Melting glaciers, sweeter grapes, and fewer mushrooms: the consequences of a heating planet are especially apparent in the southern Switzerland region of Valais.
In an ambitious mission, two renowned organizations have teamed up to preserve the flavors and ingredients of the world. It would be a shame if authentic foods such as Graubünden Dried Beef or Montreux Black Cherry go extinct.
Making a difference through food
Meet the Slow Food Ark of Taste. The aptly named preservation program was created in 1996. It now catalogs more than 6100 foods from across the globe, including 77 from Switzerland. Think of rare alpine herbs, teas, breads, sausages, grape varieties, or cheese.
Every year, Slow Food promotes a particular theme as part of its Food for Change initiative. This helps to draw attention to certain members of the proverbial ark. In 2023, the organization is showcasing locally-produced wine and cheese.
That’s a perfect theme for Switzerland, given the country’s abundance of both. We are lucky enough to eat our way through the Food for Change campaign, thanks to Relais & Châteaux.
As a global network with top-notch hotels and restaurants in 65 countries, Relais & Châteaux realized that it could make a tremendous positive impact. Many hotel managers and chefs have already committed to sustainable practices. And there is a thirst to do more.
In Switzerland and Liechtenstein, the prestigious organization with roots in southern France counts two dozen members. We have previously indulged in the restaurants and beds of several Swiss Relais & Châteaux hotels.
This time around, we are invited to taste the culinary heritage of Valais by visiting three more Relais & Châteaux hotels. The journey takes us to the Walliserhof Grand Hotel in Saas-Fee, Chalet Schönegg in Zermatt, and Chalet d'Adrian in Verbier.
In each house, the resident chef offers his own interpretation of the Food for Change theme, treating us with delicious wines and mouth-watering cheeses.
Walliserhof Grand Hotel in Saas-Fee for glamour and gusto
The Walliserhof Grand Hotel Saas-Fee is a beacon of luxury in this remote valley. Over four decades ago, George Michael and his WHAM! band members graced the hotel, giving the music video of "Last Christmas" its picturesque backdrop.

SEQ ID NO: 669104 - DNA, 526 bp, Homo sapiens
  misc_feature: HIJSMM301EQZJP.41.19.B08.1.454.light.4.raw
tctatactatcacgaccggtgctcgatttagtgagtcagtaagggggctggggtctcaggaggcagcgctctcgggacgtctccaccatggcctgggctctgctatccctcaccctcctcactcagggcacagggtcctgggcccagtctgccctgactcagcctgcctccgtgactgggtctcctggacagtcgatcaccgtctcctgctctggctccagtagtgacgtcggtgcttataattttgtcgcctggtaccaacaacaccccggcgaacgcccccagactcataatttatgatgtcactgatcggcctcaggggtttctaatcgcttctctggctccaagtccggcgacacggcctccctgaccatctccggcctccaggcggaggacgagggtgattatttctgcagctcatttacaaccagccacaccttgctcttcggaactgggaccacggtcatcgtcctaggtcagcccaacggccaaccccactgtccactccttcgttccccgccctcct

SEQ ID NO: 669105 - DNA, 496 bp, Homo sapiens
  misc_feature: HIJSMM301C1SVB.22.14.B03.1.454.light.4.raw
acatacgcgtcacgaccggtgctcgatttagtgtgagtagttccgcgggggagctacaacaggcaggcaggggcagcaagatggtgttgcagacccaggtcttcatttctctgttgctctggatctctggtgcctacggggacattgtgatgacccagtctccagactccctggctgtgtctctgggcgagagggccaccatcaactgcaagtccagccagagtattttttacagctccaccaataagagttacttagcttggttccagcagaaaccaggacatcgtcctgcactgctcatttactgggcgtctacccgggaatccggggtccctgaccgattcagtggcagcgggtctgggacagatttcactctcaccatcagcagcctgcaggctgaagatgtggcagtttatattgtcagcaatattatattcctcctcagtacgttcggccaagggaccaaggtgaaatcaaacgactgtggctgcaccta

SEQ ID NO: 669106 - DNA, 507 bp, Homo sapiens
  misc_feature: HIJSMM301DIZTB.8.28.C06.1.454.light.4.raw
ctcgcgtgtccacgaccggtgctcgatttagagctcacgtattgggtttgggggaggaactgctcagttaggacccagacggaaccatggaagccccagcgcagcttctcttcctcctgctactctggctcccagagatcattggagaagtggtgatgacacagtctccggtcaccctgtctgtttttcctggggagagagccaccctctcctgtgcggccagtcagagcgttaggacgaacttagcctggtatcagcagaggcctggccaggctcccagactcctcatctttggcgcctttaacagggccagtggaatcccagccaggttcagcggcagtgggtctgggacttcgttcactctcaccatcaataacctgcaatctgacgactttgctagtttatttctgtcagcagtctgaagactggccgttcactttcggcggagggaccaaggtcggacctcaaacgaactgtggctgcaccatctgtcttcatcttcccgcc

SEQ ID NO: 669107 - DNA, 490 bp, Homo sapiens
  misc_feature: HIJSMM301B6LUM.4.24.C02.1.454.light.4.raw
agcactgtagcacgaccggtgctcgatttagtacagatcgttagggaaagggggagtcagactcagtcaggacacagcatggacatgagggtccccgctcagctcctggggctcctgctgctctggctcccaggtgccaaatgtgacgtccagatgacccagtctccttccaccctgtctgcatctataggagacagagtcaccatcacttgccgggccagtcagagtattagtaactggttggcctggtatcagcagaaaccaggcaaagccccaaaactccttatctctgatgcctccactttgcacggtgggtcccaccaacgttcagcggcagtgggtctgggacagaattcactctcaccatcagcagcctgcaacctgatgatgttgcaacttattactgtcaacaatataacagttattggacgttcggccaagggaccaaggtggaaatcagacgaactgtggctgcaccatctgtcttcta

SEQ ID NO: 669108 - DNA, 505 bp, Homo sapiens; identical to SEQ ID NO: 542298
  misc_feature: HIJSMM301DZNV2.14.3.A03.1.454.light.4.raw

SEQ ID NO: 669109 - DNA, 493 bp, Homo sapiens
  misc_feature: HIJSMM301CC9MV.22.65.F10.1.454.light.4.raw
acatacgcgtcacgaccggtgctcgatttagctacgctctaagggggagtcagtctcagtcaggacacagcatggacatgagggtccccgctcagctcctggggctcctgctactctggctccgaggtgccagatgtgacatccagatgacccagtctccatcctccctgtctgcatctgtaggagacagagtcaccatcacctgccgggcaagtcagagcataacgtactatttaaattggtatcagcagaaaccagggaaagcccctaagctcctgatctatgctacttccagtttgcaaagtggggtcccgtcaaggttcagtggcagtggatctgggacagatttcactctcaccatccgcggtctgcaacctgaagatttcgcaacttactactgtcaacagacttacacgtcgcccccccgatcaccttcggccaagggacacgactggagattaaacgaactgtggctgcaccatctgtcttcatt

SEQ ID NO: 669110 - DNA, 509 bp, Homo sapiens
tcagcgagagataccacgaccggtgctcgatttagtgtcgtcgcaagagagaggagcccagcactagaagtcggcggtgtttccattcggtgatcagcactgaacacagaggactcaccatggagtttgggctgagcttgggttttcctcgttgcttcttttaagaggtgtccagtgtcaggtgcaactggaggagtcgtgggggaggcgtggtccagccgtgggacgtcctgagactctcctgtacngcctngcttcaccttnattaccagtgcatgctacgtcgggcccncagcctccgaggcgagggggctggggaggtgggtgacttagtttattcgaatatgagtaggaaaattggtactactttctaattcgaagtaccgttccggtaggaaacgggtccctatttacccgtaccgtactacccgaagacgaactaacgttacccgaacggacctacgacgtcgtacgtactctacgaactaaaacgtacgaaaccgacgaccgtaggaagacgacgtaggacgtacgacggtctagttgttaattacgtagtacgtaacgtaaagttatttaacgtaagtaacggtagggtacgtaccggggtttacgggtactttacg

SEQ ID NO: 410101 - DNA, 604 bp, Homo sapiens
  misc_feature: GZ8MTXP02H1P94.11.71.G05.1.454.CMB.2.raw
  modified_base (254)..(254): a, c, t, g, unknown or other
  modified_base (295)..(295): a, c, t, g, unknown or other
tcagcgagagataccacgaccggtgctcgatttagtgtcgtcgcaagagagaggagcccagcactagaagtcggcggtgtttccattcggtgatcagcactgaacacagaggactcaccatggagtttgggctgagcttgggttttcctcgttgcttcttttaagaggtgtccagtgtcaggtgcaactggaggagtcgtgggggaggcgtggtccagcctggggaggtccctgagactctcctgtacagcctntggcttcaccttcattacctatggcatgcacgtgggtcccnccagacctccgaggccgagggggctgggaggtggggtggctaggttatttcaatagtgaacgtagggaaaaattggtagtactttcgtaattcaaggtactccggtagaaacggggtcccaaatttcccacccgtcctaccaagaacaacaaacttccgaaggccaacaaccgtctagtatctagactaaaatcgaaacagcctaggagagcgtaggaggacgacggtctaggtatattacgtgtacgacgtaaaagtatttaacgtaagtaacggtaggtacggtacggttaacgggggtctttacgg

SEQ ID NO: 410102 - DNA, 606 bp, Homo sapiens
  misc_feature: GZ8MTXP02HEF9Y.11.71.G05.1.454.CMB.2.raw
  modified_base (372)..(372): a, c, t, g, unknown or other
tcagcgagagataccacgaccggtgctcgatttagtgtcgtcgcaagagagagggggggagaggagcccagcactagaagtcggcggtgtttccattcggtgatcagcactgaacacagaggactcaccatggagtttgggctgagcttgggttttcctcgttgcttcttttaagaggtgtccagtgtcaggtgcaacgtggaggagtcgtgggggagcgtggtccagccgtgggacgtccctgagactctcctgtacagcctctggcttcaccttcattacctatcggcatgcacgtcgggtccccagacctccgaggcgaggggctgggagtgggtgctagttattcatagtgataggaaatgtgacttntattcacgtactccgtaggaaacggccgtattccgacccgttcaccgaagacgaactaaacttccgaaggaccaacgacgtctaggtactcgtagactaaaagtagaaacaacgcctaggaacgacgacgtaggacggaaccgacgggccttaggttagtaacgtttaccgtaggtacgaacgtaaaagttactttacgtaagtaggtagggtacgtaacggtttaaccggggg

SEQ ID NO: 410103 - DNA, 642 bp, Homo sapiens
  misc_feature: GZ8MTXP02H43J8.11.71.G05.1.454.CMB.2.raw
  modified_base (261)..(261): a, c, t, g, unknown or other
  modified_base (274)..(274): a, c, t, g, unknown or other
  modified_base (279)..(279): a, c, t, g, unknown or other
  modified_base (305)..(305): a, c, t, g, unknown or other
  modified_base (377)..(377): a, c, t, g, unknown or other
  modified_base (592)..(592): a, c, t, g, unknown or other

Fast forward to the present: the hotel has transformed and is sporting a modern interior design, yet without compromising the features of an alpine lodge.
We've once stayed in a modern suite in the pool house during a ski weekend. But this time around, we get to experience the nostalgia of yesteryear: the hotel hands us the keys to the George Michael penthouse!
This memorabilia-laden attic suite has a free-standing bathtub, skylights, and a fireplace. Also, a long balcony with sweeping views of the Fee Glacier. (This is the same glacier we’ve seen up close during a glacier hike.)
Down at the hotel’s restaurant, the young and talented Chef Michael Wirkes plays a role in the Food for Change campaign. He stays true to the tastes of Valais: his menu has an appetizer of Swiss trout with mountain thyme sorbet, braised fennel, and apricot.
The Fendant white wine soup adds yet another local touch. But our favorite is the heavenly dessert shaped like a honeycomb. It's a concoction of pear, Valais honey, and buckwheat. What a feast for the eyes - and a treat for the palate!
Chalet Schönegg for a glimpse into Zermatt's legacy
In the neighboring Matter valley lies Chalet Schönegg, the first and only Relais & Châteaux hotel in Zermatt. The hotel is perched at an elevated position above the town. But there is no need to wear hiking boots: from deep inside the mountain below, a 90-meter-long elevator whisks us straight to the lobby.
Chalet Schönegg is run in the third generation by Anna and Sebastian Metry, two siblings deeply rooted in Zermatt. Their grandfather had opened no less than five hotels that he passed down to his four children - the parents of today’s hotel directors.